The cookbooks, and also before I wrote the writing book, I had a series of self-published booklets on specific subjects--poetry, selling what you write, writing devotionals, writing and selling your first book, starting and running a Christian writers group, and editing hints. Except for the writers' group one, they sold for $5 apiece and I sold a lot of these through the years.

The only one of those I still sell is the one on starting and running a Christian writers group. That also has a section on critiquing hints and one on planning a conference. However, the Step in the Write Direction is selling steadily at the present time.

What do you know now about getting published that you wished you had known earlier in your writing career?
Not to take a rejection personally. There are many reasons manuscripts are rejected. The other thing is--I began writing when I was 9. I didn't know until the first conference I attended in 1980 that you could sell reprints. I had sold 200 manuscripts up until that point, so it opened up a whole new world to me.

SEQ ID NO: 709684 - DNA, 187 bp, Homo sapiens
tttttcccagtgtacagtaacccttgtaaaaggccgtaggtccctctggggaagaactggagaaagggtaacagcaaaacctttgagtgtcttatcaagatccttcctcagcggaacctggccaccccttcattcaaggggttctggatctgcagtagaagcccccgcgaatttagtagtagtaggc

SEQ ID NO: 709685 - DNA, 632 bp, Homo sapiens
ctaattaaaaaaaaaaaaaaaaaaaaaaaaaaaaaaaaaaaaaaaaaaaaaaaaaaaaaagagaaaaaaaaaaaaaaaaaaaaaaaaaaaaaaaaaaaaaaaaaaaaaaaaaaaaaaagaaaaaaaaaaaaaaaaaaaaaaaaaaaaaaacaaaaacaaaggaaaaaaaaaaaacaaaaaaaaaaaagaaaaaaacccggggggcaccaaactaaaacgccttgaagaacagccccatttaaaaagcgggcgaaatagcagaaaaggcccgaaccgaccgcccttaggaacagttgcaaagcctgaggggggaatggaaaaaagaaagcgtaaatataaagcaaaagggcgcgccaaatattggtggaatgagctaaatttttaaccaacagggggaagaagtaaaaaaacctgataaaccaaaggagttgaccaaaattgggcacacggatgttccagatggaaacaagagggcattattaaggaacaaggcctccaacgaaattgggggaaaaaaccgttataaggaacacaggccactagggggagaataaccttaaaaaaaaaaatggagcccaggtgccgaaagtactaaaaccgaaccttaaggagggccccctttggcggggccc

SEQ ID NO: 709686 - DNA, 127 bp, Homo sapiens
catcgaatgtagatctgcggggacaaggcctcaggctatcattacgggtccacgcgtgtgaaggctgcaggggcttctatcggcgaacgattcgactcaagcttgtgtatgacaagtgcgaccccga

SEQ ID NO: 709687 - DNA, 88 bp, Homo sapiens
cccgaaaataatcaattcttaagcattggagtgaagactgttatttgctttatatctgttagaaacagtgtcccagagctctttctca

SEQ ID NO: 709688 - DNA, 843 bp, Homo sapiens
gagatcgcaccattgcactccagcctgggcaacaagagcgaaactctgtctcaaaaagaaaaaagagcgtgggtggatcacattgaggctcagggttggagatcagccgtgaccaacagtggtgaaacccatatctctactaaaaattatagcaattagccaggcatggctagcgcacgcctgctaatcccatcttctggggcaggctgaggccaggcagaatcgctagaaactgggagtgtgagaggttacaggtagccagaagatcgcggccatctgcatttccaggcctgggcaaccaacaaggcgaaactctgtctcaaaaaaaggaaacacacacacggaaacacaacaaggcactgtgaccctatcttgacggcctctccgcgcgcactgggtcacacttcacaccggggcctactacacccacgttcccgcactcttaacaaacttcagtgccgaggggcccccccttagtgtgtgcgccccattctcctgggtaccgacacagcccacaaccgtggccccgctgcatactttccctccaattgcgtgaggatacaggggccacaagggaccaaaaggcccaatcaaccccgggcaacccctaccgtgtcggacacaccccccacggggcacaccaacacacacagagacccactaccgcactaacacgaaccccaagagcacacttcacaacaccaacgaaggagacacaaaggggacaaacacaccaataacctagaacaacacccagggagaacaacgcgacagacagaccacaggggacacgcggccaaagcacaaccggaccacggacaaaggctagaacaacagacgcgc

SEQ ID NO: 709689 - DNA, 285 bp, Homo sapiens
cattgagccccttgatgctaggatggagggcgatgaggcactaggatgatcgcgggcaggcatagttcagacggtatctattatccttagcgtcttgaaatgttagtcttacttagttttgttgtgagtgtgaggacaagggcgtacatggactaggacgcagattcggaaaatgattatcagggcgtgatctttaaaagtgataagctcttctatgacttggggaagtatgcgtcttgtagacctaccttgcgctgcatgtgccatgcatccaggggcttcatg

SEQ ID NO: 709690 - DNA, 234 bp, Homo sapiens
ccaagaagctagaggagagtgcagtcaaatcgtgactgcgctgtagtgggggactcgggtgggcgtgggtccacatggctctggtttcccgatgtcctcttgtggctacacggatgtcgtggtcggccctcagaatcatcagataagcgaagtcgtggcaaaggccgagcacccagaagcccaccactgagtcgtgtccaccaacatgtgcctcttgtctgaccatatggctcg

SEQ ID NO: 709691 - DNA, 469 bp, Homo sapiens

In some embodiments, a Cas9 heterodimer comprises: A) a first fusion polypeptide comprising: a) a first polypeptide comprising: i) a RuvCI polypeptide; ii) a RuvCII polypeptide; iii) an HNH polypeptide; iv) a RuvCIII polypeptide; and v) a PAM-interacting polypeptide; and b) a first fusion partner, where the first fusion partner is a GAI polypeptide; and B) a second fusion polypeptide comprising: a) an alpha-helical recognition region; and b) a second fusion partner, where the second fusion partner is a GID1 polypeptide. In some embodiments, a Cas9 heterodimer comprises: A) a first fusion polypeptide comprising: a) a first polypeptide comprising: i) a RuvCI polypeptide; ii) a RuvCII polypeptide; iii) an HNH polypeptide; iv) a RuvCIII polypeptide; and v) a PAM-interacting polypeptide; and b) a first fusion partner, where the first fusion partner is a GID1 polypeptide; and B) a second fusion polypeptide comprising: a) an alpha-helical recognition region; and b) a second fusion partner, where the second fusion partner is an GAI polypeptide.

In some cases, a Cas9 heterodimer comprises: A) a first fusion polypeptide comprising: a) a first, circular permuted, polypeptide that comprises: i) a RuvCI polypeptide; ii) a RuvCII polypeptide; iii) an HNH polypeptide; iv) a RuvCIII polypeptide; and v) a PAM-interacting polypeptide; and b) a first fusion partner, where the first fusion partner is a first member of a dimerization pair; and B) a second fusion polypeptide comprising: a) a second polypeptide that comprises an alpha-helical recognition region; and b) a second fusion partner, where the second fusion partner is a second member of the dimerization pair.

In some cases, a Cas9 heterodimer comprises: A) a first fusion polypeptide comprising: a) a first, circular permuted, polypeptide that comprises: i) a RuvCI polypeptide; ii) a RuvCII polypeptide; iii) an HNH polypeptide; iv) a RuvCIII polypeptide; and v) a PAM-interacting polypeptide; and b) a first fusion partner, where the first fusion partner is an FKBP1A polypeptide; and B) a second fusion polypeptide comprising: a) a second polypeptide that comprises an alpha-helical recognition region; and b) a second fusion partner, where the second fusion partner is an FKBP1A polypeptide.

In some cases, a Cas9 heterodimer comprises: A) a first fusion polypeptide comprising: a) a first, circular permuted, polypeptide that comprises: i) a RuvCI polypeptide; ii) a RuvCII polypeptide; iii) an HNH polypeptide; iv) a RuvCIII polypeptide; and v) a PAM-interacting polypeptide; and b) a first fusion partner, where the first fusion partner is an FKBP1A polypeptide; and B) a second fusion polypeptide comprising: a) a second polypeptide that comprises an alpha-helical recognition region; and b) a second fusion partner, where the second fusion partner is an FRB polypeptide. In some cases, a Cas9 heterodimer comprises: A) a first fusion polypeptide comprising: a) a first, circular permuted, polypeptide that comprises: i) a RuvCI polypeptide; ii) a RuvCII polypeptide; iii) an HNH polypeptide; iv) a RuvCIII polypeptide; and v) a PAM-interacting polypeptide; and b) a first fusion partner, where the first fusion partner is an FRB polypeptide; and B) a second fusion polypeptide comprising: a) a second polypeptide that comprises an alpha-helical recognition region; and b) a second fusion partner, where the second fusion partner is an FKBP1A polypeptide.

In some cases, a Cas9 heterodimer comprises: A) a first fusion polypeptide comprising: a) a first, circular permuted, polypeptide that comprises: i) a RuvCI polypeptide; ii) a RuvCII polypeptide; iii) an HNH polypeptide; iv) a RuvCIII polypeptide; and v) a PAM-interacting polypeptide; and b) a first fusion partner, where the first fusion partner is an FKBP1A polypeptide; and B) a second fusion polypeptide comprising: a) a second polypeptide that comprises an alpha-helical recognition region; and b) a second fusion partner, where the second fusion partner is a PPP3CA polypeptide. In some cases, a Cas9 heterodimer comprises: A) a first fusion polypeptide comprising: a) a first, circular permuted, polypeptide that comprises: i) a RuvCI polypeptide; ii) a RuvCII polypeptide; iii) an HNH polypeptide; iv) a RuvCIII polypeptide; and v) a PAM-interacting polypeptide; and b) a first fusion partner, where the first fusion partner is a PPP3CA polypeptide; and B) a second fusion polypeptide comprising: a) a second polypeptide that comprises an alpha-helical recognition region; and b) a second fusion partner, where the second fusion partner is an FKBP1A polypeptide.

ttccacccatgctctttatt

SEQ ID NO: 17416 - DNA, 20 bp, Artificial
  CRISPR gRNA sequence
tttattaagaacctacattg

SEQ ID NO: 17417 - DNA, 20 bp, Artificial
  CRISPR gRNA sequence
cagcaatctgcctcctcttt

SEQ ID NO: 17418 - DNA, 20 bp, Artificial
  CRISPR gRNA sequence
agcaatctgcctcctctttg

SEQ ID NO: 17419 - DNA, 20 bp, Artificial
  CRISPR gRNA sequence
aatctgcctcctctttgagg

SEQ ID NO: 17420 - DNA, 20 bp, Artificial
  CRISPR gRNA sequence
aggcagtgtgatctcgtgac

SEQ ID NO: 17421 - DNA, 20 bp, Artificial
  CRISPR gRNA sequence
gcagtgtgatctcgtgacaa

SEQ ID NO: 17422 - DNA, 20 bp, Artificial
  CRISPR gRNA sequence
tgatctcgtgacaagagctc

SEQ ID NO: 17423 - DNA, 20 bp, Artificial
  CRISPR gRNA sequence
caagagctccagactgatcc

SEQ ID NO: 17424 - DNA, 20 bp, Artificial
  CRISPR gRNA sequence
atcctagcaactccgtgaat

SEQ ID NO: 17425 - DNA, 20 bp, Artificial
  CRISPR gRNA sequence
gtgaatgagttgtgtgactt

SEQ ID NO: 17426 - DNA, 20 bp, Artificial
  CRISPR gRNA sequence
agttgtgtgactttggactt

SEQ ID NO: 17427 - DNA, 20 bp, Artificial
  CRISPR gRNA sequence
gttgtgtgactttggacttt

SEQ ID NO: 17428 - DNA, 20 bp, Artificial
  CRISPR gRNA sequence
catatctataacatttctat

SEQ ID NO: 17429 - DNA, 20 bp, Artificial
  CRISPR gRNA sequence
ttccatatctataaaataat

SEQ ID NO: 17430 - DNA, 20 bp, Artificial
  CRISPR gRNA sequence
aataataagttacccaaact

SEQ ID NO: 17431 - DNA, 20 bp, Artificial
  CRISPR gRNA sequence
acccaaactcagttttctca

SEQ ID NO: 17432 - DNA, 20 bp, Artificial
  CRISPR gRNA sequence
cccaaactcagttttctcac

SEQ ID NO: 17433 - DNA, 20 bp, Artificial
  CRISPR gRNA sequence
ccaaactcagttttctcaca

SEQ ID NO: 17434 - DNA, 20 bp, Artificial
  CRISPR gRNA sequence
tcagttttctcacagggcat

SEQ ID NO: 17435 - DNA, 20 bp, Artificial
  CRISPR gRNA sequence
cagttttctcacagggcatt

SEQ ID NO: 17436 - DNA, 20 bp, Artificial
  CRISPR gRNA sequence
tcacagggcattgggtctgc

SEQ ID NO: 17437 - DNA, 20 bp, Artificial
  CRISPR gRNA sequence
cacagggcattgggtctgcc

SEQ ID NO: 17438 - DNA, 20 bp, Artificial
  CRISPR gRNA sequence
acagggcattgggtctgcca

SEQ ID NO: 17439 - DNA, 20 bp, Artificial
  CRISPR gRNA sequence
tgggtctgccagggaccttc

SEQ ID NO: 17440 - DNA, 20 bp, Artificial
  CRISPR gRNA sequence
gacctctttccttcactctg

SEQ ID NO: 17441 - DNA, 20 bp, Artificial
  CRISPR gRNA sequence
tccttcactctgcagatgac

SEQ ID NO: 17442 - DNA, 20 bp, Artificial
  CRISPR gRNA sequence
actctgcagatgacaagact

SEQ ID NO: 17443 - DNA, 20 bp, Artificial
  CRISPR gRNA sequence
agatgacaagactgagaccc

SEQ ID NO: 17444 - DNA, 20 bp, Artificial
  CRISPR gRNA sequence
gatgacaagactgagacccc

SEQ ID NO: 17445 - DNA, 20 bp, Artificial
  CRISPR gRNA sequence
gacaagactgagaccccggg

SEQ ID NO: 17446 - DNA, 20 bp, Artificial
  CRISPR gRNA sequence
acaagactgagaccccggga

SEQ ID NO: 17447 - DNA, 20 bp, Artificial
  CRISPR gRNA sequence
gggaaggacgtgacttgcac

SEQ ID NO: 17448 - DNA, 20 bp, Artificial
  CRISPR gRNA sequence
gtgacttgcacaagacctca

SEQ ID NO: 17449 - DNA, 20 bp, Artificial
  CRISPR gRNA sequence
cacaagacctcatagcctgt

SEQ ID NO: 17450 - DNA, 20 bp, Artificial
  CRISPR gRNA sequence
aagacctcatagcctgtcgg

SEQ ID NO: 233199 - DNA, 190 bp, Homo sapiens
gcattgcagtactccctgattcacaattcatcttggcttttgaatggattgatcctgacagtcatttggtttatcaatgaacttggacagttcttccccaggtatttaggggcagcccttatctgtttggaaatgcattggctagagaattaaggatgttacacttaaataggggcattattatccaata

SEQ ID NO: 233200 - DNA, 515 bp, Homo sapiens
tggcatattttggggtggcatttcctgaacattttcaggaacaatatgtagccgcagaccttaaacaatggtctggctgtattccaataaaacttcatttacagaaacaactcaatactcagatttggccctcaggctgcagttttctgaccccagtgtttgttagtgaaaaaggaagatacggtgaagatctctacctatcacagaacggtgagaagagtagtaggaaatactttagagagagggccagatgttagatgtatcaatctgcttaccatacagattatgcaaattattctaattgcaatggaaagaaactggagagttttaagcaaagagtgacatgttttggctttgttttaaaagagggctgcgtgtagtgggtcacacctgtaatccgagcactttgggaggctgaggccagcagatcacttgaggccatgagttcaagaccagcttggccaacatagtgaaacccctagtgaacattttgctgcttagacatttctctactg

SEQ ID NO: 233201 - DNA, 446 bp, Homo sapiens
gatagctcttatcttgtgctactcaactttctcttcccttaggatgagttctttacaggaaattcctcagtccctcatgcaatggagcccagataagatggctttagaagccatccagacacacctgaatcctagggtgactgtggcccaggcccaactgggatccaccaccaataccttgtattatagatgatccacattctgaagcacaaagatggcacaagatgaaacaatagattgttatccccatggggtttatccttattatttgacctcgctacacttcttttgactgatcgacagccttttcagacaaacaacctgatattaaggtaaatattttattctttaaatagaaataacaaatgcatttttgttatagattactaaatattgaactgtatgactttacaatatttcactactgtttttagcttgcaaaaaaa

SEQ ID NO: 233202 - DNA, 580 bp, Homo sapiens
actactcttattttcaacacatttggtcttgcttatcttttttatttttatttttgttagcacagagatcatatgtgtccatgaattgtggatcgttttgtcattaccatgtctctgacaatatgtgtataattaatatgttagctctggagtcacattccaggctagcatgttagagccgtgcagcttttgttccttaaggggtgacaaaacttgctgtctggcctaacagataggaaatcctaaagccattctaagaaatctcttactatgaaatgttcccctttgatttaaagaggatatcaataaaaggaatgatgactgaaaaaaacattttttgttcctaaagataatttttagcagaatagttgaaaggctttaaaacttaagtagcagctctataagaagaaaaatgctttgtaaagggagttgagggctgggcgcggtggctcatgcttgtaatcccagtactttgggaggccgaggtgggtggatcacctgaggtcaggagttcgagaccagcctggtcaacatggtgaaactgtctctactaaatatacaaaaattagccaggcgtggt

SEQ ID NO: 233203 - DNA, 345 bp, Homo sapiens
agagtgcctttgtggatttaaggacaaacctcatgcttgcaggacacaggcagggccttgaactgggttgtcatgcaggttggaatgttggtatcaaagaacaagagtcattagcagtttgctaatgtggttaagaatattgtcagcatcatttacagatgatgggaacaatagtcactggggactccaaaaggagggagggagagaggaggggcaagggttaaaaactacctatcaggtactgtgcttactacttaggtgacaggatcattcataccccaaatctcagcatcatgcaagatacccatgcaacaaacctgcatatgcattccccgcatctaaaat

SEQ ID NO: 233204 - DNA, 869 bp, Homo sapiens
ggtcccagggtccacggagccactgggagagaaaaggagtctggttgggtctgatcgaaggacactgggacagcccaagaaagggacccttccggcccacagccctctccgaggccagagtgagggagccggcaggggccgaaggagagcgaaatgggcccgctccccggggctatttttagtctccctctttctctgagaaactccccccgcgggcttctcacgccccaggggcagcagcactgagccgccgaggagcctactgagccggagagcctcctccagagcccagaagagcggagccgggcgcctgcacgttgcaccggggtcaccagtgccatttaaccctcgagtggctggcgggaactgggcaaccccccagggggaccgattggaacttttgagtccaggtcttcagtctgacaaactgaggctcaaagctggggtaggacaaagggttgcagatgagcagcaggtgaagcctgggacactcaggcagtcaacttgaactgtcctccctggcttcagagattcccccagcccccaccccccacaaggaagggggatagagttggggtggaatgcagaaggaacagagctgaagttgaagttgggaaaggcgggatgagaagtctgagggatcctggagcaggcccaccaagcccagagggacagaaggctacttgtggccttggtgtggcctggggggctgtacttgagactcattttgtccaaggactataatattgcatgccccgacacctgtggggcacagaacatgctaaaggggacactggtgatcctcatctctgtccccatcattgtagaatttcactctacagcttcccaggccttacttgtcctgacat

Let’s end with another book that is in the works, the one about letting go. Tell me about that.
"The Freedom of Letting Go" book. I'm very excited about this. It took me 11 years to let go of my mother after she died, then one day I realized it wasn't just letting go of her, but the whole principle of letting go. This book includes chapters on letting go of: grief, failure, success, possessions, your children, your youth, people who hurt you, health issues, guilt, worry, doubt, fear, then the last chapter is "The Land Beyond Letting Go."

It will be released May 1, 2012. I'm thrilled now to have something to offer people when I speak on this topic.

If you would like to know more about Donna and her writing or to buy her books, you can email her at or visit her web site at

1 comment:

  1. Great interview and I look forward to the next book. Outstanding job.